Batman has always been one of the most popular superheroes in modern media. Along with Superman and Wonder Woman, DC have always leaned in on the fact that Batman is truly a man among gods. This is why the character's appeal has lasted for such a long time. There has been a myriad of stories about Batman, some good and some not so good. But the ones that stand out really push the character to new places and are sometimes even included in the official canon of the character. One of the books that really shaped the modern myth of the Batman was Jeph Loeb and Tim Sale’s The Long Halloween. The 13 issue maxi-series was launched in 1996 and went on to become one of the best-selling books on the DC roster. Fast-forward 25 years and we now have a slick animated retelling of the legendary comic book. With such a complex and layered story, WB Animation made the right choice to break the film up into two parts. Today, we’ll be taking a deeper look at The Long Halloween, Part One to see if it stands up against the plethora of animated shows and films from the DC library.
First things first, the animation is incredible. The art direction is a mish-mash of modern architecture and technology with the aesthetics of the OG Animated Series from back in the day. They even tried to incorporate bits of artist Tim Sale’s style into the animation. And you know what? It works incredibly well. The animation is fluid and has these thick lines that really accentuate the old-school art-deco style that the Animated Series was known for. And, if you’ve ever read the comic, you will start to see similarities between the artwork and the animation. Even the character designs have been updated to feel a little more contemporary while still retaining that dangerous and rough edge. Catwoman’s got her old costume back and even the Joker looks excellent, although I’ve just about had enough of Troy Baker’s voice. The real standout though is Jensen Ackles as the voice of Batman. Not once did I detect an actor behind the cowl but it really felt like Batman himself. Dare I say, it rivals even the magnificent Kevin Conroy? Another standout character from the comics was Calendar Man and his portray here is as chilling and creepy as it is on the printed page. As always, with DC animated feature films, the voice acting is spot on and it’s a real treat to see excellent actors completely take over the characters they’re playing.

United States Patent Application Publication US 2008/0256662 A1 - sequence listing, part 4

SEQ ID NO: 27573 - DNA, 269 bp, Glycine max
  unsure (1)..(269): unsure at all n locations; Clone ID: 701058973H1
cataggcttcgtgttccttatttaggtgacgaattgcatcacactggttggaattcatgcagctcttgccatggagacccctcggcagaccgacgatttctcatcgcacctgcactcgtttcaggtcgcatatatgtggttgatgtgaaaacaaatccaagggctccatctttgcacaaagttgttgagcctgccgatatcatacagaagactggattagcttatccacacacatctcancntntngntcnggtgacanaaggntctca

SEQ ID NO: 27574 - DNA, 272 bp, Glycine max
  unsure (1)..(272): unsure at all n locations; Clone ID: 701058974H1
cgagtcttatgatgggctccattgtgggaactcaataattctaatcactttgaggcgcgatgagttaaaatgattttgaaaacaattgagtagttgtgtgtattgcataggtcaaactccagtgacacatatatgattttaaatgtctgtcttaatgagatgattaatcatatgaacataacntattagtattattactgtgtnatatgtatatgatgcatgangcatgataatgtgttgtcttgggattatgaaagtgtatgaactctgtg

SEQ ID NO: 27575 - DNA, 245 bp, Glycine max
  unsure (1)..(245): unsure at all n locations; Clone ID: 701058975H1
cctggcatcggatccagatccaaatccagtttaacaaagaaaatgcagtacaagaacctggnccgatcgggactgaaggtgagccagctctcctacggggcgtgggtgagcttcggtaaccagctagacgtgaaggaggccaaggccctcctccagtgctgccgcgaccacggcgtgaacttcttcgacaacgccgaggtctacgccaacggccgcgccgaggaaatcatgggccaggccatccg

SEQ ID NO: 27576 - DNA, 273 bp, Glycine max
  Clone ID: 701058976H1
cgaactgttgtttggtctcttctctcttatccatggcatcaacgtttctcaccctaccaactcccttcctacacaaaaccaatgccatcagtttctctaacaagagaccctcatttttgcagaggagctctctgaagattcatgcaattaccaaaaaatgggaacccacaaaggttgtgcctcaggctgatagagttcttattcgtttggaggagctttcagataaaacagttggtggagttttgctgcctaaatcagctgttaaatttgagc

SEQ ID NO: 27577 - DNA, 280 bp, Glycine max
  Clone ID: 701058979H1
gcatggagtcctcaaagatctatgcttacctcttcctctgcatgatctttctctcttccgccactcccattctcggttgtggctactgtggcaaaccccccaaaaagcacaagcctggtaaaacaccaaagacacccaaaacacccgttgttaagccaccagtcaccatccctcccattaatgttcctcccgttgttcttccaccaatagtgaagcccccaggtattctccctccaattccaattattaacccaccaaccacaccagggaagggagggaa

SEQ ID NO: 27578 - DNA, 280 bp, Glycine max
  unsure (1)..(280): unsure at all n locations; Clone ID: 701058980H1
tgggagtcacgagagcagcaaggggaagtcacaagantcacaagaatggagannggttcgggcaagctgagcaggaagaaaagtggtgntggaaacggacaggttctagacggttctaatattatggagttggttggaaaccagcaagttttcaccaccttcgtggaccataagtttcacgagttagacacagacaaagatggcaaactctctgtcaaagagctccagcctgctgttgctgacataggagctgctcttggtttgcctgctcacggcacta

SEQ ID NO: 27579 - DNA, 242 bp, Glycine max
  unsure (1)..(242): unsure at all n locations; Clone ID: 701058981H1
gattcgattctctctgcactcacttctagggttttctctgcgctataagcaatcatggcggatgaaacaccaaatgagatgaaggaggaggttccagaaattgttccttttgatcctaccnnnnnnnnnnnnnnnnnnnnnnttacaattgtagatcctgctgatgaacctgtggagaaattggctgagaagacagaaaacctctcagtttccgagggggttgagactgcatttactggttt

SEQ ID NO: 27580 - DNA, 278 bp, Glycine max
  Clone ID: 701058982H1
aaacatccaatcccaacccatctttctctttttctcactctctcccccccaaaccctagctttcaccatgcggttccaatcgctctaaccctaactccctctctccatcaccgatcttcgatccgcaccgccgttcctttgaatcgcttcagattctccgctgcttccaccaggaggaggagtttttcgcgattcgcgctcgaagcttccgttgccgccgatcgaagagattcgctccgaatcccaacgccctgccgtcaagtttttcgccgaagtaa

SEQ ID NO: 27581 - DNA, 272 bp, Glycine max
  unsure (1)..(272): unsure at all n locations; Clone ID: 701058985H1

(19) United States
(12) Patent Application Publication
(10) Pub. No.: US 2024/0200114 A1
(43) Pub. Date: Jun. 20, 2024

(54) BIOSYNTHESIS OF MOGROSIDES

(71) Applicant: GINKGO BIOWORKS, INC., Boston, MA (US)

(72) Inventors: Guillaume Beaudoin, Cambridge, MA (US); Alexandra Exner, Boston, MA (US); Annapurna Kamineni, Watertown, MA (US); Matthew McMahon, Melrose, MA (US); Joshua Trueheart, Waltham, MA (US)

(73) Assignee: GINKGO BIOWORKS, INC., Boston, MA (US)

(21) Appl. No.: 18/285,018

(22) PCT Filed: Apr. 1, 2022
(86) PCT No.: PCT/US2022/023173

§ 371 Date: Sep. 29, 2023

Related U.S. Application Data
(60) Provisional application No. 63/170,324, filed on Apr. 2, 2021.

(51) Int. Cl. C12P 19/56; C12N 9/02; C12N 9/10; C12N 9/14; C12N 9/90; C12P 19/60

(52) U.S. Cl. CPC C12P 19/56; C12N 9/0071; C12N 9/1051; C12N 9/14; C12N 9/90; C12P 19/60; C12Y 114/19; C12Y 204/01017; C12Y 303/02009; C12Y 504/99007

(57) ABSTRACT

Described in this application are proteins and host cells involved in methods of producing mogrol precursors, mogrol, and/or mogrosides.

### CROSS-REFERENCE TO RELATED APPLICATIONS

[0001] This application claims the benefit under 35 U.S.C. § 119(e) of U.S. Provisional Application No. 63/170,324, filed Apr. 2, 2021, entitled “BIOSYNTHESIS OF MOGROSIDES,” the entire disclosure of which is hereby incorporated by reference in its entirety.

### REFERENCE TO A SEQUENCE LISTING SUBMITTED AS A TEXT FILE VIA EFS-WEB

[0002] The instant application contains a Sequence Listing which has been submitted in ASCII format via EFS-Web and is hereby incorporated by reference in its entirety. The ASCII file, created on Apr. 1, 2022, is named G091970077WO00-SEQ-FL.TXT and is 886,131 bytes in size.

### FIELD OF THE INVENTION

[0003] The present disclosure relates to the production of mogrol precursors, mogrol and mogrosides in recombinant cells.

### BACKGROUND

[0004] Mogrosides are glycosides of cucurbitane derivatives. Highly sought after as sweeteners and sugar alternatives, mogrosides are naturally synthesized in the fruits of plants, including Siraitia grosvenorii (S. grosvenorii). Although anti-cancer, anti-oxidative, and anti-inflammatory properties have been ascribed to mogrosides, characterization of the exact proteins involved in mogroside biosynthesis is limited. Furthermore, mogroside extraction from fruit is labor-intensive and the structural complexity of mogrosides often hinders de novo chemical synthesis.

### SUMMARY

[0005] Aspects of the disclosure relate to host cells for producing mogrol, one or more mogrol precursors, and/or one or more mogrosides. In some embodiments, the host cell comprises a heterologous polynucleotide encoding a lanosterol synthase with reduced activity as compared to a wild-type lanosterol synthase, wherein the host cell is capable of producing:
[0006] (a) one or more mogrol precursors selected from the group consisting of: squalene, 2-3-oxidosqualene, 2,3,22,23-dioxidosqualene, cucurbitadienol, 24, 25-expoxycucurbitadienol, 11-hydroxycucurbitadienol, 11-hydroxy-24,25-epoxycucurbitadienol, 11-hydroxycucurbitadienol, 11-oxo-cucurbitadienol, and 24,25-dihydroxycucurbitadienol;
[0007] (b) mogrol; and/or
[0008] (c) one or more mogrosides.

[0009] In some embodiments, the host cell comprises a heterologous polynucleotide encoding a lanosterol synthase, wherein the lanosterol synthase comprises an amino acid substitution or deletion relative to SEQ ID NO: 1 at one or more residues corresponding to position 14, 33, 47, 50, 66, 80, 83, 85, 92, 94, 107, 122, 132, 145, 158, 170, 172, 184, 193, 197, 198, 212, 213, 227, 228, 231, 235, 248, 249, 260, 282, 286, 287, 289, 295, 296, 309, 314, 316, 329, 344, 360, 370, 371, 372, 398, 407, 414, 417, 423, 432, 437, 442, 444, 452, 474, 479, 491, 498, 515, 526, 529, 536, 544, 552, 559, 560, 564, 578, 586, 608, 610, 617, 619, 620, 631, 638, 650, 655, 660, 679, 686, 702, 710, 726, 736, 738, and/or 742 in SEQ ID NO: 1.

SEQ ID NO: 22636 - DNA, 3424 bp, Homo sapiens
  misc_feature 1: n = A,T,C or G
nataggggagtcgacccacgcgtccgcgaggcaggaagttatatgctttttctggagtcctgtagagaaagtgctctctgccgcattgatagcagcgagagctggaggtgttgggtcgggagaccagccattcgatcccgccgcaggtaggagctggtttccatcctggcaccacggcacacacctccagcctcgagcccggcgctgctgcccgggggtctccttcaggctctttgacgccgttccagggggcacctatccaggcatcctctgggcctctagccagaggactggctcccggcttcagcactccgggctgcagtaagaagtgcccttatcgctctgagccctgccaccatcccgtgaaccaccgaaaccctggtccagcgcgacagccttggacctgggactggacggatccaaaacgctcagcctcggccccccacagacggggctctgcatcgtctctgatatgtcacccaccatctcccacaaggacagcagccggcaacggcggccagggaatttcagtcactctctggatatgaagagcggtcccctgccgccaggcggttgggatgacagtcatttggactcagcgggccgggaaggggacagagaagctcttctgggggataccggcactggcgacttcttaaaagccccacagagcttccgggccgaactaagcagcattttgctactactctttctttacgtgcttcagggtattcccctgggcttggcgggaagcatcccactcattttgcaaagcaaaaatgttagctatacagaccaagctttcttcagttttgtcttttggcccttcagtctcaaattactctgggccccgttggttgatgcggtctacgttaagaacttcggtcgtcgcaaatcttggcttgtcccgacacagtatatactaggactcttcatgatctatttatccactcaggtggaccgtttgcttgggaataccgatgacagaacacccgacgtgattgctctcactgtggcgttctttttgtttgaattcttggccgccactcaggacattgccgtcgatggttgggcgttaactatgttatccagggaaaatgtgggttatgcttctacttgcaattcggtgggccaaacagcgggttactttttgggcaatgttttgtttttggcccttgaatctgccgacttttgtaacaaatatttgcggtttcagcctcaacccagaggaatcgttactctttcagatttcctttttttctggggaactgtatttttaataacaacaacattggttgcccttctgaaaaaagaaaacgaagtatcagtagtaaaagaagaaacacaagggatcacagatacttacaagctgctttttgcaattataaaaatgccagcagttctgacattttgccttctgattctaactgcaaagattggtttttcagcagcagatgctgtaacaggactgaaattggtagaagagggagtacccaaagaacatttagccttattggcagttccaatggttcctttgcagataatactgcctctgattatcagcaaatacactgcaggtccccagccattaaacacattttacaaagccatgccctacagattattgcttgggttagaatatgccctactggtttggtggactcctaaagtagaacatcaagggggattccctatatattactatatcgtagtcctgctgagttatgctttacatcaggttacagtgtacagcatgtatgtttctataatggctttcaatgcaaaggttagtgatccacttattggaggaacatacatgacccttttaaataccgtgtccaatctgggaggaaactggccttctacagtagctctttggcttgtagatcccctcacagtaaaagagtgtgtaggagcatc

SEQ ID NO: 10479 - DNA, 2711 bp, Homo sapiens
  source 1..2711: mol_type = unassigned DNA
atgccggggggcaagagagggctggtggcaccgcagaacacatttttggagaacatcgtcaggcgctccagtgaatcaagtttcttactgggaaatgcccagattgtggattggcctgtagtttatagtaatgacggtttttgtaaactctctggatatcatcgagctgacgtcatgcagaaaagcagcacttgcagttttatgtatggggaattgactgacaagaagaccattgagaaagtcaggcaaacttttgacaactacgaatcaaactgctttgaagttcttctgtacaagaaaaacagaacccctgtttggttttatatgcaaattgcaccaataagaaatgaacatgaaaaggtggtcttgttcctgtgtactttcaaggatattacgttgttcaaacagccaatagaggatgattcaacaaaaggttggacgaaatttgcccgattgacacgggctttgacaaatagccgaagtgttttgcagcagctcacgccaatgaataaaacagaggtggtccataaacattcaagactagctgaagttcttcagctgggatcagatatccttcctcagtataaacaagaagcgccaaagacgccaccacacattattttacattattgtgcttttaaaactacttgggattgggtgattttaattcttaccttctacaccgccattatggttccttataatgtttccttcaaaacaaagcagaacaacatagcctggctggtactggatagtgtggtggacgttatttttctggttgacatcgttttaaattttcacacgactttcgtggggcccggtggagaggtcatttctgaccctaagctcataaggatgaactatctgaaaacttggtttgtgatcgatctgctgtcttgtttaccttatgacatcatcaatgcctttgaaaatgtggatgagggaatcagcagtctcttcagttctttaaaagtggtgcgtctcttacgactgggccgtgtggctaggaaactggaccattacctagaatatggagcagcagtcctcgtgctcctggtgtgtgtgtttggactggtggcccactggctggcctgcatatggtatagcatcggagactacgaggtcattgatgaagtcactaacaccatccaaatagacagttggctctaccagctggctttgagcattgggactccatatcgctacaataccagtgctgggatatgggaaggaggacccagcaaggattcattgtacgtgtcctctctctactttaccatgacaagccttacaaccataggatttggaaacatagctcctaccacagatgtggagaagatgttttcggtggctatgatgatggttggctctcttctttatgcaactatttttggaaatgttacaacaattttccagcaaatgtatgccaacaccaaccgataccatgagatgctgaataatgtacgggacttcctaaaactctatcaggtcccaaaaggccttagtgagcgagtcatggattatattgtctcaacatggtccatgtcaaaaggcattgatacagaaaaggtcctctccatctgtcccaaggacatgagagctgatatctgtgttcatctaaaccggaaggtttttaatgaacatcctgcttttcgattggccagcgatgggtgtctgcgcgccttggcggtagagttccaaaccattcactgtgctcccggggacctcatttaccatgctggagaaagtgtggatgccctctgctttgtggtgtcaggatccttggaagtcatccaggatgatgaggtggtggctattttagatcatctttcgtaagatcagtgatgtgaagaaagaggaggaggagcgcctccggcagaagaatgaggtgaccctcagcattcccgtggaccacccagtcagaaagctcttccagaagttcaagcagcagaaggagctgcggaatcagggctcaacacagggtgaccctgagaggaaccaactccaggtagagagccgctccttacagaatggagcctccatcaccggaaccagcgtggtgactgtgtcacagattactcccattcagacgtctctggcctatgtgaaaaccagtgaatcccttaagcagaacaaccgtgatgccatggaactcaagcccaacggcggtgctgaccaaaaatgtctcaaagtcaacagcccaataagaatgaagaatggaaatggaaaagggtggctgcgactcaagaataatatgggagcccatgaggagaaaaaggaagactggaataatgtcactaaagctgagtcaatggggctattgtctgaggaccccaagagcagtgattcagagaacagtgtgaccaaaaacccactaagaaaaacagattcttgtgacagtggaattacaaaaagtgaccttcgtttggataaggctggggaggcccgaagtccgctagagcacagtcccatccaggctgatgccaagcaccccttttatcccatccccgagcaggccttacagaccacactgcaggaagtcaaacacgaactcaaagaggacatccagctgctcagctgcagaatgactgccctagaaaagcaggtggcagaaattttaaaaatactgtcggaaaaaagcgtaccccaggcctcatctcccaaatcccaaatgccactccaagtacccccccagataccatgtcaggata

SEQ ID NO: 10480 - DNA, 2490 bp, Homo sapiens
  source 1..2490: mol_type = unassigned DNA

The story follows the comic book relatively closely but deviates in a few key areas that make for better pacing for an hour and a half feature. Someone is whacking criminals in Gotham and it isn’t crime boss Carmine Falcone. Stranger still, these killings seem to take place on major holidays. The killings are not gruesome or nasty but are cold, calculated and workman-like. Naturally, this causes a lot of tension in the underworld and it’s upto Batman, Commissioner Gordon and District Attorney Harvey Dent to stop the senseless killings before Gotham descends into chaos. To reveal any more would be veering into spoiler territory. But, remember that this is just Part One and the story will pick up in the second film, slated for release on July 23.
Look, if you’re a superhero fan, you’re already going to be watching this. But for the uninitiated, do take an hour and a half off and check out The Long Halloween. It’s a dark, noirish tale of murder, betrayal and deception that really captures the sinking ship that is Gotham city. The action sequences are incredibly well animated with a huge manga influence in the hand-to-hand combat. All in all, The Long Haloween isn’t just a good Batman animated film, it’s a great representation of what DC Comics are actually capable of, if they take the time to pull their heads out of their ‘you know what’. As a life-long DC fanboy, The Long Halloween is modern DC animation at its best and you could do a lot worse than checking out Batman hunt down a killer while kicking a lot of ass along the way.